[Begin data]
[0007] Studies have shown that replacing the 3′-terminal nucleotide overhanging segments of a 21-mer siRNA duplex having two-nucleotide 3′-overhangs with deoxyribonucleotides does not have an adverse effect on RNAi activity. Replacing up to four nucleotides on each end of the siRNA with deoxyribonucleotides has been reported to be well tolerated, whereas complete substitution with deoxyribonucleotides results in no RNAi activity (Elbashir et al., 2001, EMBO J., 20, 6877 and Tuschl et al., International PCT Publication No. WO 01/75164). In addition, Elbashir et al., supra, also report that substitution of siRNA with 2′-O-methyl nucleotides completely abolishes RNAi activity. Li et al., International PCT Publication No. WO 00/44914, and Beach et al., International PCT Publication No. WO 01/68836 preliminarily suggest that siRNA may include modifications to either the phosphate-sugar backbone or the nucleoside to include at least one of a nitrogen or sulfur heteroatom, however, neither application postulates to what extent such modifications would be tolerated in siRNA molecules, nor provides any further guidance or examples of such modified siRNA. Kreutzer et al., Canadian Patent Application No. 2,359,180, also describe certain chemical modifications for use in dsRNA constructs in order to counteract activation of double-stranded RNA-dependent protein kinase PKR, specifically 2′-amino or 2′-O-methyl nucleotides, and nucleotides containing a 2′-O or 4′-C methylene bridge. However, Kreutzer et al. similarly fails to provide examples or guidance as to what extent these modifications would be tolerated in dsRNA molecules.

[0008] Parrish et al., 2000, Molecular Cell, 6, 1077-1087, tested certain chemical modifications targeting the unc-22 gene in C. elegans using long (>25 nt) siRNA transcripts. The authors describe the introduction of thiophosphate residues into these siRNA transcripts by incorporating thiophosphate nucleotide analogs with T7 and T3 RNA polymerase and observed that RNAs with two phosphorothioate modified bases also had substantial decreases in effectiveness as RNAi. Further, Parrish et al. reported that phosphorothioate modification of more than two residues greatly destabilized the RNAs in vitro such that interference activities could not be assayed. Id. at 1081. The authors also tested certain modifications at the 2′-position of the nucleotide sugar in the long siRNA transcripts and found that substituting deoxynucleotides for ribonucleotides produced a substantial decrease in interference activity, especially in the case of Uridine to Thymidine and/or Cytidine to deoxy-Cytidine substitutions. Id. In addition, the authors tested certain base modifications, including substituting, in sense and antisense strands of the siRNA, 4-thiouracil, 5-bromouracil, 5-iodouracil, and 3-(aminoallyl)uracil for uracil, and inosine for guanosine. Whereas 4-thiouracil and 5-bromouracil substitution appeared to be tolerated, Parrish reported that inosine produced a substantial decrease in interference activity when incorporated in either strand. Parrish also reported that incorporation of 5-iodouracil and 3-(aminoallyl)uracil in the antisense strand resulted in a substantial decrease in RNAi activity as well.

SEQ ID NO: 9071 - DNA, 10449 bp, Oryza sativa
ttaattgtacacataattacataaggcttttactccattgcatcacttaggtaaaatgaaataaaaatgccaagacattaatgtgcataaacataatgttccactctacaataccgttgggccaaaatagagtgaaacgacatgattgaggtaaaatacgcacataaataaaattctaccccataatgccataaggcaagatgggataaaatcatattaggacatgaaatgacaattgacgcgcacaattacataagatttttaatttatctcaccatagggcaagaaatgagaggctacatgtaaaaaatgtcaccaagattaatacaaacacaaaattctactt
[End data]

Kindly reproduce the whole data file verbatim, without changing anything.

[0007] Studies have shown that replacing the 3′-terminal nucleotide overhanging segments of a 21-mer siRNA duplex having two-nucleotide 3′-overhangs with deoxyribonucleotides does not have an adverse effect on RNAi activity. Replacing up to four nucleotides on each end of the siRNA with deoxyribonucleotides has been reported to be well tolerated, whereas complete substitution with deoxyribonucleotides results in no RNAi activity (Elbashir et al., 2001, EMBO J., 20, 6877 and Tuschl et al., International PCT Publication No. WO 01/75164). In addition, Elbashir et al., supra, also report that substitution of siRNA with 2′-O-methyl nucleotides completely abolishes RNAi activity. Li et al., International PCT Publication No. WO 00/44914, and Beach et al., International PCT Publication No. WO 01/68836 preliminarily suggest that siRNA may include modifications to either the phosphate-sugar backbone or the nucleoside to include at least one of a nitrogen or sulfur heteroatom, however, neither application postulates to what extent such modifications would be tolerated in siRNA molecules, nor provides any further guidance or examples of such modified siRNA. Kreutzer et al., Canadian Patent Application No. 2,359,180, also describe certain chemical modifications for use in dsRNA constructs in order to counteract activation of double-stranded RNA-dependent protein kinase PKR, specifically 2′-amino or 2′-O-methyl nucleotides, and nucleotides containing a 2′-O or 4′-C methylene bridge. However, Kreutzer et al. similarly fails to provide examples or guidance as to what extent these modifications would be tolerated in dsRNA molecules.

[0008] Parrish et al., 2000, Molecular Cell, 6, 1077-1087, tested certain chemical modifications targeting the unc-22 gene in C. elegans using long (>25 nt) siRNA transcripts. The authors describe the introduction of thiophosphate residues into these siRNA transcripts by incorporating thiophosphate nucleotide analogs with T7 and T3 RNA polymerase and observed that RNAs with two phosphorothioate modified bases also had substantial decreases in effectiveness as RNAi. Further, Parrish et al. reported that phosphorothioate modification of more than two residues greatly destabilized the RNAs in vitro such that interference activities could not be assayed. Id. at 1081. The authors also tested certain modifications at the 2′-position of the nucleotide sugar in the long siRNA transcripts and found that substituting deoxynucleotides for ribonucleotides produced a substantial decrease in interference activity, especially in the case of Uridine to Thymidine and/or Cytidine to deoxy-Cytidine substitutions. Id. In addition, the authors tested certain base modifications, including substituting, in sense and antisense strands of the siRNA, 4-thiouracil, 5-bromouracil, 5-iodouracil, and 3-(aminoallyl)uracil for uracil, and inosine for guanosine. Whereas 4-thiouracil and 5-bromouracil substitution appeared to be tolerated, Parrish reported that inosine produced a substantial decrease in interference activity when incorporated in either strand. Parrish also reported that incorporation of 5-iodouracil and 3-(aminoallyl)uracil in the antisense strand resulted in a substantial decrease in RNAi activity as well.

SEQ ID NO: 9071 - DNA, 10449 bp, Oryza sativa
ttaattgtacacataattacataaggcttttactccattgcatcacttaggtaaaatgaaataaaaatgccaagacattaatgtgcataaacataatgttccactctacaataccgttgggccaaaatagagtgaaacgacatgattgaggtaaaatacgcacataaataaaattctaccccataatgccataaggcaagatgggataaaatcatattaggacatgaaatgacaattgacgcgcacaattacataagatttttaatttatctcaccatagggcaagaaatgagaggctacatgtaaaaaatgtcaccaagattaatacaaacacaaaattctactt